Jamail Kanj discusses his book, Children Of Catastrophe
John Welch interviewed Jamail Kanj last week on the Peace & Justice Report
This book reveals his story from childhood in Nahr El Bared Palestinian refugee camp in Lebanon, becoming a PLO activist, eventual emigration, a new life as an engineer in the United States, and a 'return' trip to historic Palestine.
Running parallel to the personal narrative, the book also documents the story of Nahr El Bared itself: the story of a refugee camp that grew from an initial clump of muddy UN tents to become a vibrant trading centre in north Lebanon, before its eventual destruction at the hands of the Lebanese army as they battled with militants from Fatah Al Islam group in the summer of 2007.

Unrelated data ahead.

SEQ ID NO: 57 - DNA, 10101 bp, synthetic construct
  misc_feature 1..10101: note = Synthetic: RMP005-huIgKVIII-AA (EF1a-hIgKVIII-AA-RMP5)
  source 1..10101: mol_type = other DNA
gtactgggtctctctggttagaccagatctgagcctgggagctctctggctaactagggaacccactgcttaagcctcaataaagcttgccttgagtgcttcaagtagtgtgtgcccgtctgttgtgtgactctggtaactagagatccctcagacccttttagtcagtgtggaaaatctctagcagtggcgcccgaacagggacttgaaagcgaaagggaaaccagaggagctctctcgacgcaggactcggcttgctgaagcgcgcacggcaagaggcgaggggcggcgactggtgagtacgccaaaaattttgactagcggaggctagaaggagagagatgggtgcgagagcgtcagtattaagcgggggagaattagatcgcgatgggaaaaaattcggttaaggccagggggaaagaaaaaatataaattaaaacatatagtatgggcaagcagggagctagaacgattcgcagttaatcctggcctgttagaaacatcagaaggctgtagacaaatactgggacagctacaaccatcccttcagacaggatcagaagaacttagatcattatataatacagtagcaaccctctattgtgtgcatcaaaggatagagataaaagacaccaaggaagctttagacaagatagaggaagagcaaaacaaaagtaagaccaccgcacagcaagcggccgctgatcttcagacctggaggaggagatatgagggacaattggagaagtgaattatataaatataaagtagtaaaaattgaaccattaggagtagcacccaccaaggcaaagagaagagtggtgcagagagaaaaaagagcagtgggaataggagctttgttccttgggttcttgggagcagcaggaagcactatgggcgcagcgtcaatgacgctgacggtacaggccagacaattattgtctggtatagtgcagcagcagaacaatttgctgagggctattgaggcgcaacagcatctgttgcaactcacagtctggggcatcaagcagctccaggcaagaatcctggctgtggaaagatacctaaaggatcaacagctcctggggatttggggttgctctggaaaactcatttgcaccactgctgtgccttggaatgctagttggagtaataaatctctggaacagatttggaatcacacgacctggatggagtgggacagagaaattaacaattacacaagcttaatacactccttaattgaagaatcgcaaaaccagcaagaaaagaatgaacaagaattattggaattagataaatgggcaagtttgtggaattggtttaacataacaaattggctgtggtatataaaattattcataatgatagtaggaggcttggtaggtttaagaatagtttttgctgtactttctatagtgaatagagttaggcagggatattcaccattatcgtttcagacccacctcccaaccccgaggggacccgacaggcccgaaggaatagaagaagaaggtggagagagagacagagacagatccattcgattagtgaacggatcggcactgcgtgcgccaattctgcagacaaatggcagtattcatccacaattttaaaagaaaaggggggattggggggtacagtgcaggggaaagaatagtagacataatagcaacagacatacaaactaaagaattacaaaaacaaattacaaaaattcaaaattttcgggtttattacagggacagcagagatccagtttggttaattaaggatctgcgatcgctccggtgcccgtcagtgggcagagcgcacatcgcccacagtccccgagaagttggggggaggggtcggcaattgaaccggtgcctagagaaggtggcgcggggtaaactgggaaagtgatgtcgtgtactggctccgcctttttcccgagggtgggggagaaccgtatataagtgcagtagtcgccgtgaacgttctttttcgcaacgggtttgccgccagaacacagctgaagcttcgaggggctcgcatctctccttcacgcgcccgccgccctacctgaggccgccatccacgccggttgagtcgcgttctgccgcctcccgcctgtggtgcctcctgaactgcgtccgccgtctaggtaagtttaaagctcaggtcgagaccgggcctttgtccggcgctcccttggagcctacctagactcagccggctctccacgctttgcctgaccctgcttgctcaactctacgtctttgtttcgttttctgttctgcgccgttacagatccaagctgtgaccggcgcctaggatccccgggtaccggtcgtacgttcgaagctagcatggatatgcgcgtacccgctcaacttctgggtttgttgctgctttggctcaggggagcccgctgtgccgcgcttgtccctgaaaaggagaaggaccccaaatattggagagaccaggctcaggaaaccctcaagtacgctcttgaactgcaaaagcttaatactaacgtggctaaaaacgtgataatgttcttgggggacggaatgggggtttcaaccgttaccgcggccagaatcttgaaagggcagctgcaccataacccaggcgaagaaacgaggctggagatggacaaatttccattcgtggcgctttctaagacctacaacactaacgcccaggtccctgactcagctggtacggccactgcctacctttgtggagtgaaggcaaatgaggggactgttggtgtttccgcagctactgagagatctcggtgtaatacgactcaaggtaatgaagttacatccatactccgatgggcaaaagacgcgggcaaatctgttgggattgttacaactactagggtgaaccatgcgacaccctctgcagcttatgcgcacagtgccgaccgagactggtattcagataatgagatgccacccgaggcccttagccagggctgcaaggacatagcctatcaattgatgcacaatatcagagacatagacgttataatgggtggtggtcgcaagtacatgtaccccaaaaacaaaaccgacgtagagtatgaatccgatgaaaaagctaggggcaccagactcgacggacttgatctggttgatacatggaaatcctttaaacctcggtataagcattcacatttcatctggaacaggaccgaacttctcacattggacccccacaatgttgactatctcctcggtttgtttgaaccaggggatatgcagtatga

Throughout it all, the spirit of the remarkable people of the camp shines through, and the book provides a moving testament to how refugees in Lebanon have managed to persist in their struggle for their "right to return", as well as survive socially, economically and politically despite more than sixty two years of dispossession, war and repression.
The book illustrates how refugees are able to remain uniquely Palestinians, and to survive socially, economically, and politically during the hypothetically “temporary” resident status in Lebanon. The refugees have indefatigably remained part of a nation, without the state. Israeli writer Danny Rubinstein said it best when describing the Palestinians in his book:
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